A case of life-threatening hypercalcaemia – a parathyroid ‘storm’ (#253)
A 41 year old Samoan gentleman presented with three days of abdominal pain. On examination he was dehydrated and had a fixed, hard left-sided neck swelling.
Bloods: cCa 5.14mmol/L (iCa 2.57mmol/L), Cr 439μmol/L, eGFR 13, PTH 302.3pmol/L (1.6-6.9)
ECG: shortened QTc (377ms) and changes mimicking ST elevation
Imaging: Subperiosteal resorption of the acromio-clavicular bones, brown tumours of the pelvis. Neck ultrasound demonstrated a large hypervascular mass within the left thyroid lobe.
The patient was initially managed with intravenous hydration, frusemide and calcitonin. Bisphosphonate therapy was deferred due to severe renal failure. The calcium level continued to rise, peaking at 6.1mmol/L, 36 hours after presentation. Whilst preparing for haemofiltration the patient had three successive cardiac arrests (ventricular fibrillation). After 12 hours of continuous filtration the calcium remained at 5.49mmol/L. SestaMIBI scanning revealed an avid lesion in the left thyroid lobe upper pole. An emergency parathyroidectomy was performed 48 hours from his admission after four further cardiac arrests.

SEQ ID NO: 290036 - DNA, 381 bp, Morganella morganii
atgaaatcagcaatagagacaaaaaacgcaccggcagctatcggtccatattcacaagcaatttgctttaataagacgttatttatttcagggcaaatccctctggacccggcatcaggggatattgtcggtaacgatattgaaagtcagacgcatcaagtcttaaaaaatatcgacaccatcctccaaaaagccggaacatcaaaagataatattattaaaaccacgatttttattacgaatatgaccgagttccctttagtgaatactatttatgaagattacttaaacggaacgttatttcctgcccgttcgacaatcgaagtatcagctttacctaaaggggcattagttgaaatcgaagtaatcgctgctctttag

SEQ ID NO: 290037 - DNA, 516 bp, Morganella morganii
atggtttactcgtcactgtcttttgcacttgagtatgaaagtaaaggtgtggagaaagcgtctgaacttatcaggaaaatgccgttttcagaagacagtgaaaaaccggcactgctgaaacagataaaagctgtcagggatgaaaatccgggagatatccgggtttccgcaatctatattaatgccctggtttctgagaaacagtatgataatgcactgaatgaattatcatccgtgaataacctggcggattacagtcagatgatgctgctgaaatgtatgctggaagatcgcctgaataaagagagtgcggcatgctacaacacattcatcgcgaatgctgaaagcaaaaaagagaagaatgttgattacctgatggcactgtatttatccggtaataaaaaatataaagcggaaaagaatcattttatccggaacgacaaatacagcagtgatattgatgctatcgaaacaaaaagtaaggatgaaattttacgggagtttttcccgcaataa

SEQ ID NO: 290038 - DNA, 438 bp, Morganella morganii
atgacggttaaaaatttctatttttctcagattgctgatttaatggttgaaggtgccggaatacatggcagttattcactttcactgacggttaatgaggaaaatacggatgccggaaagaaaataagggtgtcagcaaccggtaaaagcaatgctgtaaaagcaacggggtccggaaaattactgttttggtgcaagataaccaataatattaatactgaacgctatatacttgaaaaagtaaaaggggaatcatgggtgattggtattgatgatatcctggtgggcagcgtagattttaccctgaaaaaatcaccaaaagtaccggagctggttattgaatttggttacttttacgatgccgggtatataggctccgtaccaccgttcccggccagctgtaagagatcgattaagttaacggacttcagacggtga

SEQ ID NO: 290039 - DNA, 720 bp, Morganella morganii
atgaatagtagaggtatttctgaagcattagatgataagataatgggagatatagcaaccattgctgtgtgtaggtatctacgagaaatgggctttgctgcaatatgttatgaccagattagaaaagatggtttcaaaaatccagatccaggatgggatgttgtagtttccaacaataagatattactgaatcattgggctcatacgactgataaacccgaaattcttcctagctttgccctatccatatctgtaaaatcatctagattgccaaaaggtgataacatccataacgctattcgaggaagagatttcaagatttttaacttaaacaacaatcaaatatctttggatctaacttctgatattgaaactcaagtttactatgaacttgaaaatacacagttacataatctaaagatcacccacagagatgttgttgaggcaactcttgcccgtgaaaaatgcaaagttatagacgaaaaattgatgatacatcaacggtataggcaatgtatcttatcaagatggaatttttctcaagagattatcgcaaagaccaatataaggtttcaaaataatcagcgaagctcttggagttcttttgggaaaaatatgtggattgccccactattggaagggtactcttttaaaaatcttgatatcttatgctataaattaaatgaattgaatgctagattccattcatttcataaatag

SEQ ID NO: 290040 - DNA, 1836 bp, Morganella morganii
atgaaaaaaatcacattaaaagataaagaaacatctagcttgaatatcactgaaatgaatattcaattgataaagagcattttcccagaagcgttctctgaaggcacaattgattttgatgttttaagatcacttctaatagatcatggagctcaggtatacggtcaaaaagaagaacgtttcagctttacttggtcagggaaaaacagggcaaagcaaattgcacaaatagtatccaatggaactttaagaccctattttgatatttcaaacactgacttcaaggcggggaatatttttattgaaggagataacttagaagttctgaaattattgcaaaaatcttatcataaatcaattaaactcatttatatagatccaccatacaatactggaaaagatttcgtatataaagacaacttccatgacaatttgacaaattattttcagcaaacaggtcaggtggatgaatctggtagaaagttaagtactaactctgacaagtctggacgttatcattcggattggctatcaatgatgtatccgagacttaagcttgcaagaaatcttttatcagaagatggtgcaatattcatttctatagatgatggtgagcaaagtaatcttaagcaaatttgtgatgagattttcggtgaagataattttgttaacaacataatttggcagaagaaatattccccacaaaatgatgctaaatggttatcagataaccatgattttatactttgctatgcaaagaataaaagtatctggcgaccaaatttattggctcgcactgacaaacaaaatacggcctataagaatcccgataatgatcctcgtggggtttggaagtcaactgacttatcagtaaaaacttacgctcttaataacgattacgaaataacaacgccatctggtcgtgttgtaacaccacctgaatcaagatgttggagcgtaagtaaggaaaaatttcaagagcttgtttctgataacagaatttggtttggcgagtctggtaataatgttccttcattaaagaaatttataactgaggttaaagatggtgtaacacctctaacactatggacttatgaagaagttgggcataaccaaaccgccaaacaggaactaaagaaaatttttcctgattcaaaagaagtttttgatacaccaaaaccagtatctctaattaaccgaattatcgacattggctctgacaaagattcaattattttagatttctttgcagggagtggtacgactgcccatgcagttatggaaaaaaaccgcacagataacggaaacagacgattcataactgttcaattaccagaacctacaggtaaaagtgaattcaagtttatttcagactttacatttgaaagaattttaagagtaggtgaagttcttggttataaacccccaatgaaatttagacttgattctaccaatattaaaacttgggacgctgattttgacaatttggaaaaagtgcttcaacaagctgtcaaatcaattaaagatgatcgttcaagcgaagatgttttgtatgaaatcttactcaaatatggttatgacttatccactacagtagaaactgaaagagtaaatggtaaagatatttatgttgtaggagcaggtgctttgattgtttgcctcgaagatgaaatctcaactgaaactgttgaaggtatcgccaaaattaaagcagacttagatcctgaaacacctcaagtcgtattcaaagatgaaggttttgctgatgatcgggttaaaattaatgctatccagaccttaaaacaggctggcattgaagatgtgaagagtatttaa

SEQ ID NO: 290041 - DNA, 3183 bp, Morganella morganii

A large parathyroid nodular mass (70g) was removed intraoperatively. Histopathology was suggestive of a parathyroid carcinoma with thick fibrous bands throughout and a high mitotic rate.
Post-operatively, the PTH level dropped to 11.6pmol/L. The calcium level gradually decreased requiring calcium and calcitriol supplementation on discharge from hospital.
Parathyroid carcinoma is a rare malignancy accounting for approximately 1% of patients with primary hyperparathyroidism. Patients are typically symptomatic at presentation, often with the renal and skeletal, and rarely cardiac complications of severe hypercalcaemia. There are no pathognomonic features of parathyroid carcinoma on histopathology. A set of morphologic criteria and immunohistochemistry (such as Ki-67 and cyclin D1, and loss of parafibromin) may assist the diagnosis. Morbidity and mortality is secondary to intractable hypercalcaemia.
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